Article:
If you are starting to wrinkle sag or bag what do you do? These days there are so many options available to you. In fact, facelifts are becoming branded. Certain minimally invasive procedures are marketed directly to patients in a one-size-fits-most approach. Patients pick an operation — usually after seeing it touted online, on TV or in magazines — and are referred by a national organization to a doctor.
Two procedures sold this way are the Lifestyle Lift, which an ad in Family Circle describes as “revolutionary” and a way to “remove wrinkles,frown lines and sagging skin” in about an hour; and the QuickLift, which also benefits from nationwide marketing that promotes a short recovery and only local anesthesia.
Because these procedures, priced at $4,000 and $5,900, contrast with more extensive face-lifts requiring general anesthesia and usually costing more, they have become popular.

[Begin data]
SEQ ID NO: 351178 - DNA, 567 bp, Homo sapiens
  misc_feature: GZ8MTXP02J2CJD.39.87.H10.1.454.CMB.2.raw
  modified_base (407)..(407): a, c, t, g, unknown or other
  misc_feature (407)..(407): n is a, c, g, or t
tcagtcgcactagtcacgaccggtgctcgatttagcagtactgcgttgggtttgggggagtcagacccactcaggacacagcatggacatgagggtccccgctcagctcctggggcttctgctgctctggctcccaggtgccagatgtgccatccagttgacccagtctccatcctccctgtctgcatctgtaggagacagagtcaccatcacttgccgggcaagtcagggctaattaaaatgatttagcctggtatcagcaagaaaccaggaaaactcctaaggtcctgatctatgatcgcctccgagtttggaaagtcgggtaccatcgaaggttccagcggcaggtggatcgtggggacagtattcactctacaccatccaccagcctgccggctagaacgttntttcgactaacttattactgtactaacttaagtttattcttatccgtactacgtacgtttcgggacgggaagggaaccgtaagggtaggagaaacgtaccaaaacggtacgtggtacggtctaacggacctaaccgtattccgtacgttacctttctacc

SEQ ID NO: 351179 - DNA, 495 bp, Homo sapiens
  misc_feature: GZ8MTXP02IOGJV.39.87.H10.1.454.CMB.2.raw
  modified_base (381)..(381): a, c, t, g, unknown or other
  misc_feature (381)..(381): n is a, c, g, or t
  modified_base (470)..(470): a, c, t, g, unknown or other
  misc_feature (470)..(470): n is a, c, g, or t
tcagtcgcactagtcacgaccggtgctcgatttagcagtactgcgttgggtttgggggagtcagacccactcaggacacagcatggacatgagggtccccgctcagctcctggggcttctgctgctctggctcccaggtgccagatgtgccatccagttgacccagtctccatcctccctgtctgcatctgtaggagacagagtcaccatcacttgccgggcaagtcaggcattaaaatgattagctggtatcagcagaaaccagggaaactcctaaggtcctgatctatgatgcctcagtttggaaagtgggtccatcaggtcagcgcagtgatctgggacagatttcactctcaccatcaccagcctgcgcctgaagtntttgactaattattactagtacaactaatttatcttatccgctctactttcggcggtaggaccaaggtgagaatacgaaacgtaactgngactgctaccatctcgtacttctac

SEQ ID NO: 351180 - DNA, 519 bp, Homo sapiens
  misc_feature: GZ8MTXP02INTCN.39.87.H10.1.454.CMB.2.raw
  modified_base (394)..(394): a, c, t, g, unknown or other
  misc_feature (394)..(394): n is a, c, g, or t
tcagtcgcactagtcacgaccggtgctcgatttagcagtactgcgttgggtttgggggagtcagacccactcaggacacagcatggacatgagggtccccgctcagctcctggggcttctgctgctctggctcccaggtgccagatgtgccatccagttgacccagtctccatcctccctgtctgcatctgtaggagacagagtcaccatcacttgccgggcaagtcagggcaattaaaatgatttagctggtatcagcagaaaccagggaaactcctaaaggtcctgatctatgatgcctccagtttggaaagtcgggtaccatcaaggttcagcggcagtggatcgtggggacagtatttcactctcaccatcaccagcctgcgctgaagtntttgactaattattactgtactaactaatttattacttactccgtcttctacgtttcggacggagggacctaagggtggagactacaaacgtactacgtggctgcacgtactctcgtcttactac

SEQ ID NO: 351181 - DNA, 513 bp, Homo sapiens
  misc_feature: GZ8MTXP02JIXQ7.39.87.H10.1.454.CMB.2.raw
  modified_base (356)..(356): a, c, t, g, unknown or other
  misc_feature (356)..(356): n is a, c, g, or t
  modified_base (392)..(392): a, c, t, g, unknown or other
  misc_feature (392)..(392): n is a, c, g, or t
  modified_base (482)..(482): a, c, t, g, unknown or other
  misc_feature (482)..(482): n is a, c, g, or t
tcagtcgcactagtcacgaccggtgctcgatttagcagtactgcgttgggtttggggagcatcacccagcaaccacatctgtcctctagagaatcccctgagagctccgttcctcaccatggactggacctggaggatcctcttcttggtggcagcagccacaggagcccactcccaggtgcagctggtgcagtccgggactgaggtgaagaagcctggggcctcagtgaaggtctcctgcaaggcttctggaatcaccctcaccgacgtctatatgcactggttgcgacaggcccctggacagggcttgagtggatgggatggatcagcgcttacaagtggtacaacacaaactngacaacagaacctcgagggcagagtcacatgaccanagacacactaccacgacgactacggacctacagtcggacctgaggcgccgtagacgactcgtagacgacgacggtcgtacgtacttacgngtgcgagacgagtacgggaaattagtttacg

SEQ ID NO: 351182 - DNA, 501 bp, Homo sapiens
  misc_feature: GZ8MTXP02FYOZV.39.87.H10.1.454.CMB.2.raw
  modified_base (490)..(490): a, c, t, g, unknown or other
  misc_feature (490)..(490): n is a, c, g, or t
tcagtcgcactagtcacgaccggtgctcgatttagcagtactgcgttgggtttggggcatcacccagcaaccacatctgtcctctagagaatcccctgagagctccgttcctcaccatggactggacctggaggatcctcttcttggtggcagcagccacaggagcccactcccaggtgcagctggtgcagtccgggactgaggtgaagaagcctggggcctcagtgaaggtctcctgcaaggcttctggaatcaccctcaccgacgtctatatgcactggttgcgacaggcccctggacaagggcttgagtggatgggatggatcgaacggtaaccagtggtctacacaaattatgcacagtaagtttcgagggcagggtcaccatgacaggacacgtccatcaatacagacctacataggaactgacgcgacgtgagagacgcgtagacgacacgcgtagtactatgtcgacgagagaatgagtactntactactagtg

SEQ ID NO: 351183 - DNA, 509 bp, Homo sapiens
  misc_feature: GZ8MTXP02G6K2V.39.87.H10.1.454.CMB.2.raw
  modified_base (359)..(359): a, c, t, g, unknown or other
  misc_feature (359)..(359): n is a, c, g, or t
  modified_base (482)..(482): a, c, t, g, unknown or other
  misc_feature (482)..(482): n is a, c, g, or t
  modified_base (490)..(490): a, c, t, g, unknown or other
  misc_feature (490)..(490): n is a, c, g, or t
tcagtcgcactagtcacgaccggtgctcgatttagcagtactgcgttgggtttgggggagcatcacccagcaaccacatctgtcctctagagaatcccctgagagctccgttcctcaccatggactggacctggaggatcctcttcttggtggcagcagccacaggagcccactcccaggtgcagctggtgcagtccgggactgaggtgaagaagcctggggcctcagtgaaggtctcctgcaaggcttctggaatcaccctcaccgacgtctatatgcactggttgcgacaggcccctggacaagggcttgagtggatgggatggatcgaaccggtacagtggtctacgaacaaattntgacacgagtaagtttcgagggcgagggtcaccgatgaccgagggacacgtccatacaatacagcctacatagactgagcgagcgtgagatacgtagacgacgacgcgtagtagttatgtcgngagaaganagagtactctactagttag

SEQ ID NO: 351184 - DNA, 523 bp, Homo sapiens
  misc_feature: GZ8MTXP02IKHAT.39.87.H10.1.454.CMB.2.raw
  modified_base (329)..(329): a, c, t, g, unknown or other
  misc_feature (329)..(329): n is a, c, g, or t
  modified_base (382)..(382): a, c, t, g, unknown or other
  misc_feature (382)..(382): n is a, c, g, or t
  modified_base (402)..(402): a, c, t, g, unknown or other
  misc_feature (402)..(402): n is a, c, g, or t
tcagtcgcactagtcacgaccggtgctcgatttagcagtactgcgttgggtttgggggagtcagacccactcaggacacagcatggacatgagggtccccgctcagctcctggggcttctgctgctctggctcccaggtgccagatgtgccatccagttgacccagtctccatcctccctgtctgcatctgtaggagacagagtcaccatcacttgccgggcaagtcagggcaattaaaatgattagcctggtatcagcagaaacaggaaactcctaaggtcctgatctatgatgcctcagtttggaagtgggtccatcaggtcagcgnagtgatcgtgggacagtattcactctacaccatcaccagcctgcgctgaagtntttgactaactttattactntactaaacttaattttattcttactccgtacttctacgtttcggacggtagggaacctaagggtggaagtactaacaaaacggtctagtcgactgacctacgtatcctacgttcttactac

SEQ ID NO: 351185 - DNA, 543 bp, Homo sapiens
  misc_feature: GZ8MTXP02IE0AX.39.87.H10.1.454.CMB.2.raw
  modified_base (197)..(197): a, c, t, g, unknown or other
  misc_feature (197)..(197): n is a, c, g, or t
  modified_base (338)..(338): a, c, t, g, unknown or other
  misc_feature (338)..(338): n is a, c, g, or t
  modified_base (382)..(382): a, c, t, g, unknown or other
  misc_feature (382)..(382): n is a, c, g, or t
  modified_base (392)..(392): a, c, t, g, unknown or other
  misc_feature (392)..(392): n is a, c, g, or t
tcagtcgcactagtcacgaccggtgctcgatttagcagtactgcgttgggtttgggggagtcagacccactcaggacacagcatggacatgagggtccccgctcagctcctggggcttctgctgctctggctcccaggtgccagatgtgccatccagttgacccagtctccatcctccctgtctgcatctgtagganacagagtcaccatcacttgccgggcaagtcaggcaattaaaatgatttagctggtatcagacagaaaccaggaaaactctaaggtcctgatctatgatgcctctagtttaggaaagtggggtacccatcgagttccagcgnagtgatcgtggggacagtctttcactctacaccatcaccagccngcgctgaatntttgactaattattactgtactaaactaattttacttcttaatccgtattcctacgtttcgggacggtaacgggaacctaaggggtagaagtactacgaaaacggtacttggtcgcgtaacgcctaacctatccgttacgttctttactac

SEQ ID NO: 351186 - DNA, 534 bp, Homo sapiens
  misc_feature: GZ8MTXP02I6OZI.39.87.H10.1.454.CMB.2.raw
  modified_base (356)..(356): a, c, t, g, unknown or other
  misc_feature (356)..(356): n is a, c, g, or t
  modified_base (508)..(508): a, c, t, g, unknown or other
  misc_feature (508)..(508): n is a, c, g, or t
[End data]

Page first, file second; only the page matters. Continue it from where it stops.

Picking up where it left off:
But many surgeons think branded face-lifts are problematic. They are concerned that patients may be so persuaded by advertising that they don’t seek a second opinion or investigate the full range of options.
In this new landscape, patients are encouraged to seek an advertised procedure rather than work with a surgeon to select from a menu of options. What’s more, some patients are now “looking not for the best doctor, but the one who has the magic wand.
If you are considering one of these quickie lifts, I strongly suggest you read more about these procedures. You can start by reading yesterday's New York Times article.